By Fred Cicetti
Q. I’ve been very hungry recently. Someone told me that this is a symptom for diabetes. Is that true?
A. An intense hunger is one diabetes symptom. Here are others: frequent urination, strong thirst, fatigue, unintended weight loss, slow-healing sores, dry and itchy skin, numbness or tingling in your feet, and blurred vision. However, some people with diabetes do not have symptoms.
Diabetes mellitus is a group of diseases characterized by high levels of blood sugar. Diabetes can create serious health problems, but diabetics can control the disease.
If you have diabetes, your body can’t produce insulin or use it properly. Insulin is a hormone that helps control the sugar in your blood. Insulin is made by the pancreas, a large organ behind the stomach.
Your body converts most of the food you eat into a form of sugar called glucose, which is our main source of energy. If your body does not make enough insulin or the insulin doesn’t work the way it should, glucose can’t get into your cells and remains in your blood.
High levels of glucose in the blood damage nerves and blood vessels. This can lead to complications such as heart disease, stroke, kidney disease, blindness, and lower-limb amputation.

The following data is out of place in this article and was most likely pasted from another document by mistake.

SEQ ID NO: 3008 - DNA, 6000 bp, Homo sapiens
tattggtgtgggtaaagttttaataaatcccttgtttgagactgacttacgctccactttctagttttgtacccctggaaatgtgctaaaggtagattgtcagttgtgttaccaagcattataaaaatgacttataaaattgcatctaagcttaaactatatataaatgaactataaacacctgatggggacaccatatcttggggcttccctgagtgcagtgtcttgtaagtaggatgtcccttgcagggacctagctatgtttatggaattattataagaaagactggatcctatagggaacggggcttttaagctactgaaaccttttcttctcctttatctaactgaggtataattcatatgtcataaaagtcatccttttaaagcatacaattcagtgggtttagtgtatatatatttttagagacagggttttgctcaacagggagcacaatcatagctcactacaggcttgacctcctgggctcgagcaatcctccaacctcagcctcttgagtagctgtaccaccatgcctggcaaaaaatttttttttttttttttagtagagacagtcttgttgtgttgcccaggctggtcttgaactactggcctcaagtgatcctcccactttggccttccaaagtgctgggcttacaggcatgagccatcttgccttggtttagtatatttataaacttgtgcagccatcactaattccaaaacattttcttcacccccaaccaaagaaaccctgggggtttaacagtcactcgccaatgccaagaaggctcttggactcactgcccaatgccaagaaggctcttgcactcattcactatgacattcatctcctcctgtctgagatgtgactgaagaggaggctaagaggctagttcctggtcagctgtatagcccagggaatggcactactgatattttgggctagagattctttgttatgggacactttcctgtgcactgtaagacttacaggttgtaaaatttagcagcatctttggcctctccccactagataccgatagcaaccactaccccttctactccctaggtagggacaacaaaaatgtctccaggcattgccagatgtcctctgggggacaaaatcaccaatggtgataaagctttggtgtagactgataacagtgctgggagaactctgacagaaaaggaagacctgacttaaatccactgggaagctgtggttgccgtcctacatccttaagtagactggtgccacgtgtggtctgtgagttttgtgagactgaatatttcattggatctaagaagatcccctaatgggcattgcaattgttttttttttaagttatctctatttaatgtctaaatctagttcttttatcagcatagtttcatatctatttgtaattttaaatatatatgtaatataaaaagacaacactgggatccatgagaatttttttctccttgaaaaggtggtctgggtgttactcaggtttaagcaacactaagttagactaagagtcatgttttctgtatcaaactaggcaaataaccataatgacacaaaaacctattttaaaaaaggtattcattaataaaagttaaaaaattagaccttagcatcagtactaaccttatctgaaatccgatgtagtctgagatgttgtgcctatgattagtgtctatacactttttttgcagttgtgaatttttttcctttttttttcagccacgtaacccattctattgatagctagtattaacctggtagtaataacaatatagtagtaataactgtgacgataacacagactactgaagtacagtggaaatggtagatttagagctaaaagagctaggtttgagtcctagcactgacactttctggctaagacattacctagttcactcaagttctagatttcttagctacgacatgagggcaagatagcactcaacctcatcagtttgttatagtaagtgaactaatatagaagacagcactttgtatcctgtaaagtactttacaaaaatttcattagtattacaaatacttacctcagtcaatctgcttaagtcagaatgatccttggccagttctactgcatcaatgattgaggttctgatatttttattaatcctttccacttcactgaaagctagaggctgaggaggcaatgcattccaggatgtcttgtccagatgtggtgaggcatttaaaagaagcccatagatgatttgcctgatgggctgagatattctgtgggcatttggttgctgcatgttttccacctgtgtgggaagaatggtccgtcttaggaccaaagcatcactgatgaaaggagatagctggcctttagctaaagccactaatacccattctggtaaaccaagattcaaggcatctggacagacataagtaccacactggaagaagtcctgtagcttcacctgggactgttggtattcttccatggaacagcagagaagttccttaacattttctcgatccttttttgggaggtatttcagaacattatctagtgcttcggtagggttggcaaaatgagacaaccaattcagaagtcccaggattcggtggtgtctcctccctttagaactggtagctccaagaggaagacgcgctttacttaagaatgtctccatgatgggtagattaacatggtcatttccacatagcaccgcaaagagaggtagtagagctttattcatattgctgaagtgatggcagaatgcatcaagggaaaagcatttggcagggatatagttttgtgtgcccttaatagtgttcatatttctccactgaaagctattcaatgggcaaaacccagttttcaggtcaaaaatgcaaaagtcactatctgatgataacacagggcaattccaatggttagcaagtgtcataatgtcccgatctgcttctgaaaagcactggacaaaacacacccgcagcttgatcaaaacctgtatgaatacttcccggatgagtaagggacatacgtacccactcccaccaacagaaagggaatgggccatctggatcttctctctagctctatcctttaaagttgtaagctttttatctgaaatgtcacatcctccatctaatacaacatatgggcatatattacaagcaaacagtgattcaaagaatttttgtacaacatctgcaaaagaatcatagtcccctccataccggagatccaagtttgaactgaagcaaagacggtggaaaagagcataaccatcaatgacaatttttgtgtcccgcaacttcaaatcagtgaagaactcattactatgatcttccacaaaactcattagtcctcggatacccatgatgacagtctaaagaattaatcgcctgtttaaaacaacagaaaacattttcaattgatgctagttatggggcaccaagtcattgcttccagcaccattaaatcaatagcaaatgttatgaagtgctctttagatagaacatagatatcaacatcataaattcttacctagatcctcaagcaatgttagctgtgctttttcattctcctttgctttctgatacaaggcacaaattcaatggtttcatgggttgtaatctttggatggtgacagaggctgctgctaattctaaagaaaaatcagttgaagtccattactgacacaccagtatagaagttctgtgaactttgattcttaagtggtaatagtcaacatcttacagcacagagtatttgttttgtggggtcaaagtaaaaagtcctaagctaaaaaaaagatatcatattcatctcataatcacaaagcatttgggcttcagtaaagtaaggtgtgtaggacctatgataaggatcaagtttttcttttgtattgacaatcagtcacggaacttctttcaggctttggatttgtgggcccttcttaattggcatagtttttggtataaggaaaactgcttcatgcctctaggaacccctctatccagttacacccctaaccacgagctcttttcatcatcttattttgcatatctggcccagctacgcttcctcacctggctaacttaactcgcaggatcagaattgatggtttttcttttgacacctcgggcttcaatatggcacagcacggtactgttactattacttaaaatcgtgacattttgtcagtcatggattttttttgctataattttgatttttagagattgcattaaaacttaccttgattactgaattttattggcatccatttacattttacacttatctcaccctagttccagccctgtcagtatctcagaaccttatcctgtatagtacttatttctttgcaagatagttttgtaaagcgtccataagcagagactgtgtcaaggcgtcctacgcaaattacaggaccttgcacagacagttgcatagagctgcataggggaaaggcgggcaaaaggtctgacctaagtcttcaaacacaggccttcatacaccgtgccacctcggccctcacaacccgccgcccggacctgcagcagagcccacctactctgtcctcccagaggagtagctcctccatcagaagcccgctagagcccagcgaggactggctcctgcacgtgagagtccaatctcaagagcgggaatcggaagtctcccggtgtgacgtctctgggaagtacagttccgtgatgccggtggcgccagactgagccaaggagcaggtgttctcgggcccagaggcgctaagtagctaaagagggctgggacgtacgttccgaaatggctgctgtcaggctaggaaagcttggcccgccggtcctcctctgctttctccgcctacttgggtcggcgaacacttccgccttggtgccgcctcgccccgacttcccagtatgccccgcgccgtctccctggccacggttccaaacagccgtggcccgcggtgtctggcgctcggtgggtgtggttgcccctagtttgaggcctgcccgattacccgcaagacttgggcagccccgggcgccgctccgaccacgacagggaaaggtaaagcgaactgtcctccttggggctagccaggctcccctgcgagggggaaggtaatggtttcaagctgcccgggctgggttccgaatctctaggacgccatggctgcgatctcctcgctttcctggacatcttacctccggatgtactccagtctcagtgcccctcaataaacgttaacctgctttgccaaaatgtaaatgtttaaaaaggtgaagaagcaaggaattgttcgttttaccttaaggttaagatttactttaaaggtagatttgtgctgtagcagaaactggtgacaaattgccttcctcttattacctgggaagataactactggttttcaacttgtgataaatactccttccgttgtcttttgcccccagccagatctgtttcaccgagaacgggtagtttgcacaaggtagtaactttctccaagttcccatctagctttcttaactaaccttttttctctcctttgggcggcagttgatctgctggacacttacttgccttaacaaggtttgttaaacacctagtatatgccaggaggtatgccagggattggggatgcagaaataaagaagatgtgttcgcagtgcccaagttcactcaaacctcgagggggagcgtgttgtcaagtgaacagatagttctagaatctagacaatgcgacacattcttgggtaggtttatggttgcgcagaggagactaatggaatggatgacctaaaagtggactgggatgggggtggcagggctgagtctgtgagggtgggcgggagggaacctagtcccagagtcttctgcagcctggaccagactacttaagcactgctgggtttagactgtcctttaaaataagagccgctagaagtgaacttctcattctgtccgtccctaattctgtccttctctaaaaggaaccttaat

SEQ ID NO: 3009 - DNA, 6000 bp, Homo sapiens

More than 18 million Americans have diabetes. About 11 million people 65 years or older suffer from the disease.
A small percentage of diabetics have type 1 diabetes, which usually occurs in people under age 30. Diabetics with this form of the disease can not produce insulin.
About 90 percent of Americans with diabetes have type 2 diabetes. It is most common in adults over age 40, and the risk of getting it increases with age. With this form of diabetes, the body does not always produce enough insulin or does not use insulin efficiently. Being overweight and inactive increases the chances of developing type 2 diabetes.
Type 2 diabetes can be prevented in people who are at an increased risk or have pre-diabetes, a condition in which glucose levels are higher than normal but not yet high enough for a diagnosis of diabetes. People with pre-diabetes are more likely to develop diabetes within 10 years and are also more likely to have a heart attack or stroke.
A recent study showed that people with pre-diabetes can sharply lower their chances of developing the disease through modest weight loss with diet and exercise.
That same study showed that changes in diet and exercise were especially effective in curbing the development of diabetes in older people. In fact, the development of diabetes dropped by 71 percent in adults 60 and older who were enrolled in the study.
Because type 2 diabetes is more common in older people, especially in people who are overweight, doctors recommend that anyone 45 years of age or older be tested for diabetes.
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Cicetti is a health care writer with more than 40 years of journalistic experience.